EZH2 Y244 site-specific phosphorylation mediates the effects of activated JAK3. (A) Coimmunoprecipitation assay showing that EZH2 is subject to tyrosine phosphorylation. NKYS cells were used to immunoprecipitate EZH2 and to probe antiphosphotyrosine antibody. (B) Coimmunoprecipitation assay showing that tyrosine phosphorylation of EZH2 in NKYS cells in the presence or absence of JAK3 inhibitor PF. EZH2 was immunoprecipitated from cells and were immunoblotted with antiphosphotyrosine antibodies to reveal the tyrosine phosphorylation levels of EZH2. (C) The top 3 phosphorylated tyr residues predicted by multiple phosphorylation site prediction programs. The 3 phosphorylation defective mutants were generated by mutating Y to A. (D) MTS cell viability assay showing different abilities of ectopic expression of EZH2 WT/mutants to affect cell growth of NKYS cells. Cells were transfected with the control empty vector pcDNA4.1 or EZH2 expression plasmids. The mean values of triplicate samples are shown, and error bars indicate standard deviation (SD). n = 4 independent experiments. *P < .05 (Student t test). (E) Luciferase reporter assay showing the effect of different EZH2 mutants on CCND1 promoter activity. NKYS cells were transfected with the luciferase reporter construct pGL4 containing the CCND1 promoter and various amounts of EZH2 WT/mutant plasmids or a control vector. Luciferase activities were measured after 24 hours. Luciferase readings were further normalized to the internal control pRL null. Results are presented as averages of triplicate experiments. Error bars indicate SD. *P < .05 (Student t test). (F) Coimmunoprecipitation assay of EZH2 tyrosine phosphorylation in 293T cells cotransfected with EZH2 WT/Y244A and JAK3 A572A for 48 hours. Transfected EZH2 was immunoprecipitated from cells using antihemagglutinin (HA) antibody and was immunoblotted with pEZH2-Y244 antibody or antiphosphotyrosine antibody to reveal the tyrosine phosphorylation level of EZH2. (G) Immunoblot analysis of pEZH2-Y244 levels in NKTL cells exposed to JAK3 inhibitor PF for 2 hours. (H) Immunofluorescent staining of H3 K27 trimethylation in NKYS cells transfected with EZH2 WT or Y244A expression plasmids for 2 days. Scale bars, 10 μm. The HA-EZH2-positive staining cells from EZH2 Y244A in general exhibit a stronger increase in the staining (relative to those nontransfected cells in the same field) for H3 K27 trimethylation compared with those positive staining cells from EZH2 WT. (I) Representative of immunoblot (left) and densitometric quantification (right; n = 3 independent experiments) of H3K27 trimethylation in 293T cells transfected with EZH2 WT/Y244A expression plasmids or control vector for 48 hours. Results are means ± SD. *P < .05 (Student t test). Expression of EZH2 WT and the Y244A mutant was detected by the HA-tag antibody. H3 and actin were used as loading controls. (J) Immunoblot analysis of H3 K27 trimethylation in 293T cells cotransfected with JAK3 A572V and EZH2 WT/Y244A expression plasmid or control vectors for 48 hours. Expression of EZH2 WT and the Y244A mutant was detected by the HA-tag antibody.

Figure 2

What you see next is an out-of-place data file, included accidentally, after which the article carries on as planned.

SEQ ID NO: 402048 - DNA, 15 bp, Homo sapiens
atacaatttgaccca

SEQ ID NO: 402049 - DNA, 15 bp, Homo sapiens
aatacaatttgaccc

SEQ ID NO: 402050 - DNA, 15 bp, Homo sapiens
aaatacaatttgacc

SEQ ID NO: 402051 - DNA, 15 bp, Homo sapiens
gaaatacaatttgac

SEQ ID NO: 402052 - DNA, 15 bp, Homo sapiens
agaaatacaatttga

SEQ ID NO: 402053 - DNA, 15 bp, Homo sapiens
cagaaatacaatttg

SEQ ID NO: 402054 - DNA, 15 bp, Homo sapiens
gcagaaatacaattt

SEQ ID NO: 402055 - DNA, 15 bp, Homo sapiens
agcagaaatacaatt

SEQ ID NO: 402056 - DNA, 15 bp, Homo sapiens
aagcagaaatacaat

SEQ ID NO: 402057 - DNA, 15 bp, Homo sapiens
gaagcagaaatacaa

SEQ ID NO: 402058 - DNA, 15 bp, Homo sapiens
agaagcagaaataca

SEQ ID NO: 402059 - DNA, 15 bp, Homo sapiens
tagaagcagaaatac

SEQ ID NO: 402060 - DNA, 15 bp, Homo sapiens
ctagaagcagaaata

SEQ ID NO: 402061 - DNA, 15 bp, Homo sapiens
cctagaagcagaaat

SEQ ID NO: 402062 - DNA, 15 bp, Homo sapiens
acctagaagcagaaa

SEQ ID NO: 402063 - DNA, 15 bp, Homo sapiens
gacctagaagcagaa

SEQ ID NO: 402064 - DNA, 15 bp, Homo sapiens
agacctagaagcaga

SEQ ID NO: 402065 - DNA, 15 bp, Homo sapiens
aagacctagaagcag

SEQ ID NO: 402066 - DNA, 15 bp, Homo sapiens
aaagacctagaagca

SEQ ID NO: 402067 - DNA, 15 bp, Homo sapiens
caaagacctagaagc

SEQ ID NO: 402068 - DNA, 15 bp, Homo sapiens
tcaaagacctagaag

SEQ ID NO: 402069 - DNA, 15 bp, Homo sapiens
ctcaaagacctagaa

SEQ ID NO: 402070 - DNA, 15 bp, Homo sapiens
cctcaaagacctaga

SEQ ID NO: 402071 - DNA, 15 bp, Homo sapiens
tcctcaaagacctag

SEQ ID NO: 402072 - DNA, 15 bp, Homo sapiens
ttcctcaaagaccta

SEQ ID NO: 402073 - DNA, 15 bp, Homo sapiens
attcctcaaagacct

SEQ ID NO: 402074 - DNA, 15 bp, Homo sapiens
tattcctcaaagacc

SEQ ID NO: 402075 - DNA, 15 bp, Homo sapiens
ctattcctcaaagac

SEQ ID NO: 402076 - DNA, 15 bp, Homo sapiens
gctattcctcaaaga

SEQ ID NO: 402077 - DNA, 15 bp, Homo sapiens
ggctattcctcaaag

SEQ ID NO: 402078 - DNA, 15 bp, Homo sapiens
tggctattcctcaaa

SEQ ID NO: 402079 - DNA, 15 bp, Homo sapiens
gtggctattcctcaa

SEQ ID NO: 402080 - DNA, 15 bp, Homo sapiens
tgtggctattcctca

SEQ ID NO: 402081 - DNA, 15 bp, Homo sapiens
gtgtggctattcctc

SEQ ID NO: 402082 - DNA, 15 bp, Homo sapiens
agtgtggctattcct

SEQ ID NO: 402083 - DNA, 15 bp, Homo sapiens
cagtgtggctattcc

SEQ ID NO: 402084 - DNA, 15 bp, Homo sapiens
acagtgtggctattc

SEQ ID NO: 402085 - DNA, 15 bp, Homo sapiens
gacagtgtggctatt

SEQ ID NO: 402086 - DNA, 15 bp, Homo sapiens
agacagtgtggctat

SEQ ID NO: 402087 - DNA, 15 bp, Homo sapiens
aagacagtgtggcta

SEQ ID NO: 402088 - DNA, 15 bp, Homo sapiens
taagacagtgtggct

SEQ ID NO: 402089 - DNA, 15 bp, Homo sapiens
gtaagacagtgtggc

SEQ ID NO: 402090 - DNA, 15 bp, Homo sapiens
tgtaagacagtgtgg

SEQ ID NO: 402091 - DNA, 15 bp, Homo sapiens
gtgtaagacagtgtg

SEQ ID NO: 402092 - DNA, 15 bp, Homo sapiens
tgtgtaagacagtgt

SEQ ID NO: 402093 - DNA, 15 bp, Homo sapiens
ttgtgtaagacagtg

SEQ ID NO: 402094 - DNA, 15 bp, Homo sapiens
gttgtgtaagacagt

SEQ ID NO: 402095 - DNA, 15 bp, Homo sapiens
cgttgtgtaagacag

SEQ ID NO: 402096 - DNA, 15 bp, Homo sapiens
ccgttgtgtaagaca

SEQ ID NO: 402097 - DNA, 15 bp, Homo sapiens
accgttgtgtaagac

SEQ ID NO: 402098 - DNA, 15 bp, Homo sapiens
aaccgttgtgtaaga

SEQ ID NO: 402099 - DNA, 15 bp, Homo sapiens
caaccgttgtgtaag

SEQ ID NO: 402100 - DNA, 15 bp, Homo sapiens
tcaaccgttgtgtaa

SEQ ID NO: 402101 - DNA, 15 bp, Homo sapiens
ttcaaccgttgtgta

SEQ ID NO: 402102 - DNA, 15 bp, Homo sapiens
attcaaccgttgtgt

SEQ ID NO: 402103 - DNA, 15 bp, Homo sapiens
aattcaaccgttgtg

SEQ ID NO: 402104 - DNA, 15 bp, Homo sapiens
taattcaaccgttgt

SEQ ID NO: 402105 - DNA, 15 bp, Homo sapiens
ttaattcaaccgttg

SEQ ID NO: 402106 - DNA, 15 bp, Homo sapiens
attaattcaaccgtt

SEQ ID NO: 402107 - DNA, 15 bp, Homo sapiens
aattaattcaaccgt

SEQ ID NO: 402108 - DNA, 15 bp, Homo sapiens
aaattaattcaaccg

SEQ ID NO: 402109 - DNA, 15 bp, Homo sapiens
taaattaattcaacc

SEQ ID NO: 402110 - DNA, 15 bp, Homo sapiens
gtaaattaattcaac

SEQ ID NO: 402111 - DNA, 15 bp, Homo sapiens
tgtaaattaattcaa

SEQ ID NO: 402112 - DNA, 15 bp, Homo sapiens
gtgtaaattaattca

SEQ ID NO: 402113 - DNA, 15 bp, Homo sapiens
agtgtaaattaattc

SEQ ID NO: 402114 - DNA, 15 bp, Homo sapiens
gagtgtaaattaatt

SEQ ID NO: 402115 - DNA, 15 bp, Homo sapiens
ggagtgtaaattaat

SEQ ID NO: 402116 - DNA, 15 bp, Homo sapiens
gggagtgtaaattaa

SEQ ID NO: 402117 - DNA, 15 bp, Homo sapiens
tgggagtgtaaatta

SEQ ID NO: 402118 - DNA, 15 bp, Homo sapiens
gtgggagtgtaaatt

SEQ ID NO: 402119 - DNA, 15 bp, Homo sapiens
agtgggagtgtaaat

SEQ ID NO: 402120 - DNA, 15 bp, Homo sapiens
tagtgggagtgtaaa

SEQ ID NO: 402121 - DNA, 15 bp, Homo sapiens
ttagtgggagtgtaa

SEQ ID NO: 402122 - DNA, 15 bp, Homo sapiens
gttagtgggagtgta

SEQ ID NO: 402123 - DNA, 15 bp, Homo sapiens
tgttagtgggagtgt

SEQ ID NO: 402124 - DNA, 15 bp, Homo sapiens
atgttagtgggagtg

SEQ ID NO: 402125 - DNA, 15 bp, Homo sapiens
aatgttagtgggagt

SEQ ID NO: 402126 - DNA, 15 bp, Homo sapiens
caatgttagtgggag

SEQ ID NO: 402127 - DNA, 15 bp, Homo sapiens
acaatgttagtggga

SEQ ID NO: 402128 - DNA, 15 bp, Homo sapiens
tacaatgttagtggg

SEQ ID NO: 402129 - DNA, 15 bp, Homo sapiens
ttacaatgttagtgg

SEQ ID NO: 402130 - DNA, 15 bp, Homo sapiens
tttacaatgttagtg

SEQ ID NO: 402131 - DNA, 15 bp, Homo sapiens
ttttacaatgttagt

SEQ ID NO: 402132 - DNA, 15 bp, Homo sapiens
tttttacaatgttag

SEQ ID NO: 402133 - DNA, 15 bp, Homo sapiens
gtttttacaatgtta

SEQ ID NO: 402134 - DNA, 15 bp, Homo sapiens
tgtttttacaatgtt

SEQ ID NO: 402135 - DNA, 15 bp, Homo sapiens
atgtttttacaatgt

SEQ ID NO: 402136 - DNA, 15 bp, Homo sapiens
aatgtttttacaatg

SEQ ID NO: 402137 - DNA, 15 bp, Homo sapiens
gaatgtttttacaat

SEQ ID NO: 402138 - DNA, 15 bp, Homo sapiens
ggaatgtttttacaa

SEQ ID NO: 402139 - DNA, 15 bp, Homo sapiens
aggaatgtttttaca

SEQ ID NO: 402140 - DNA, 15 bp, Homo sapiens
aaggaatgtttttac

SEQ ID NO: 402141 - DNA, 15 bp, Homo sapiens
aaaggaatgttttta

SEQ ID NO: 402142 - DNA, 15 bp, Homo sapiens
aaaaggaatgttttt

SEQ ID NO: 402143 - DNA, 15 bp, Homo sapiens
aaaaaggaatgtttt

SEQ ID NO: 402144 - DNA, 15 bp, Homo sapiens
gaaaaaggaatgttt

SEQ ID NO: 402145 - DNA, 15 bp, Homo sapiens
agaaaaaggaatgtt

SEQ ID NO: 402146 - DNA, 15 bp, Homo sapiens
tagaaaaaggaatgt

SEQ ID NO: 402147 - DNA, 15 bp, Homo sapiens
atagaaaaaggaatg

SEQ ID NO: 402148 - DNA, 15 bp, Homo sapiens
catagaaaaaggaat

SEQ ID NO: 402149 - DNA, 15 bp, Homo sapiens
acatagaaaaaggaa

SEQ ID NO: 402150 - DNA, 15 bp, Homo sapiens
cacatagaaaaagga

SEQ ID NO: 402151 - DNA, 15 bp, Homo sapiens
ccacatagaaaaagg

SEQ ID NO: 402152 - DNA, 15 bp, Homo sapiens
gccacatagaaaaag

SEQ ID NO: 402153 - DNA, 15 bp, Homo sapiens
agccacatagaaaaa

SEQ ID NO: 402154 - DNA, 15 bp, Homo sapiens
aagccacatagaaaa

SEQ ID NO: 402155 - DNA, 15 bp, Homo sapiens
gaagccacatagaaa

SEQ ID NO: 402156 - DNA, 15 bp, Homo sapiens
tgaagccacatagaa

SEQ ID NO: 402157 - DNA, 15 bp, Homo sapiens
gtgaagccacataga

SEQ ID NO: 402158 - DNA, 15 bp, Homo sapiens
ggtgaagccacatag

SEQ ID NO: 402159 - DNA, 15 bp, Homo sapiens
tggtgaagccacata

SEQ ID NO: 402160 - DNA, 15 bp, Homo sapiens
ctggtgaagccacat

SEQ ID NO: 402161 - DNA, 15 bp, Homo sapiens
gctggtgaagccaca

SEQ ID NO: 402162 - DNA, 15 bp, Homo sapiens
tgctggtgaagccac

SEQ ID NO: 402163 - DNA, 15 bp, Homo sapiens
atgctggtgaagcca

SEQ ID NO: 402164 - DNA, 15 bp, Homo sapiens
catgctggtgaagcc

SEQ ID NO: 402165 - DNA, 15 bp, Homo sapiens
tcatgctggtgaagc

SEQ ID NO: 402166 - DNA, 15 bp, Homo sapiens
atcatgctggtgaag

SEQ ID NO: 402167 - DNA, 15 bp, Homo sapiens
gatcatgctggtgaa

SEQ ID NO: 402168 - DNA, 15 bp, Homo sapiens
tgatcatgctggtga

EZH2 Y244 site-specific phosphorylation mediates the effects of activated JAK3. (A) Coimmunoprecipitation assay showing that EZH2 is subject to tyrosine phosphorylation. NKYS cells were used to immunoprecipitate EZH2 and to probe antiphosphotyrosine antibody. (B) Coimmunoprecipitation assay showing that tyrosine phosphorylation of EZH2 in NKYS cells in the presence or absence of JAK3 inhibitor PF. EZH2 was immunoprecipitated from cells and were immunoblotted with antiphosphotyrosine antibodies to reveal the tyrosine phosphorylation levels of EZH2. (C) The top 3 phosphorylated tyr residues predicted by multiple phosphorylation site prediction programs. The 3 phosphorylation defective mutants were generated by mutating Y to A. (D) MTS cell viability assay showing different abilities of ectopic expression of EZH2 WT/mutants to affect cell growth of NKYS cells. Cells were transfected with the control empty vector pcDNA4.1 or EZH2 expression plasmids. The mean values of triplicate samples are shown, and error bars indicate standard deviation (SD). n = 4 independent experiments. *P < .05 (Student t test). (E) Luciferase reporter assay showing the effect of different EZH2 mutants on CCND1 promoter activity. NKYS cells were transfected with the luciferase reporter construct pGL4 containing the CCND1 promoter and various amounts of EZH2 WT/mutant plasmids or a control vector. Luciferase activities were measured after 24 hours. Luciferase readings were further normalized to the internal control pRL null. Results are presented as averages of triplicate experiments. Error bars indicate SD. *P < .05 (Student t test). (F) Coimmunoprecipitation assay of EZH2 tyrosine phosphorylation in 293T cells cotransfected with EZH2 WT/Y244A and JAK3 A572A for 48 hours. Transfected EZH2 was immunoprecipitated from cells using antihemagglutinin (HA) antibody and was immunoblotted with pEZH2-Y244 antibody or antiphosphotyrosine antibody to reveal the tyrosine phosphorylation level of EZH2. (G) Immunoblot analysis of pEZH2-Y244 levels in NKTL cells exposed to JAK3 inhibitor PF for 2 hours. (H) Immunofluorescent staining of H3 K27 trimethylation in NKYS cells transfected with EZH2 WT or Y244A expression plasmids for 2 days. Scale bars, 10 μm. The HA-EZH2-positive staining cells from EZH2 Y244A in general exhibit a stronger increase in the staining (relative to those nontransfected cells in the same field) for H3 K27 trimethylation compared with those positive staining cells from EZH2 WT. (I) Representative of immunoblot (left) and densitometric quantification (right; n = 3 independent experiments) of H3K27 trimethylation in 293T cells transfected with EZH2 WT/Y244A expression plasmids or control vector for 48 hours. Results are means ± SD. *P < .05 (Student t test). Expression of EZH2 WT and the Y244A mutant was detected by the HA-tag antibody. H3 and actin were used as loading controls. (J) Immunoblot analysis of H3 K27 trimethylation in 293T cells cotransfected with JAK3 A572V and EZH2 WT/Y244A expression plasmid or control vectors for 48 hours. Expression of EZH2 WT and the Y244A mutant was detected by the HA-tag antibody.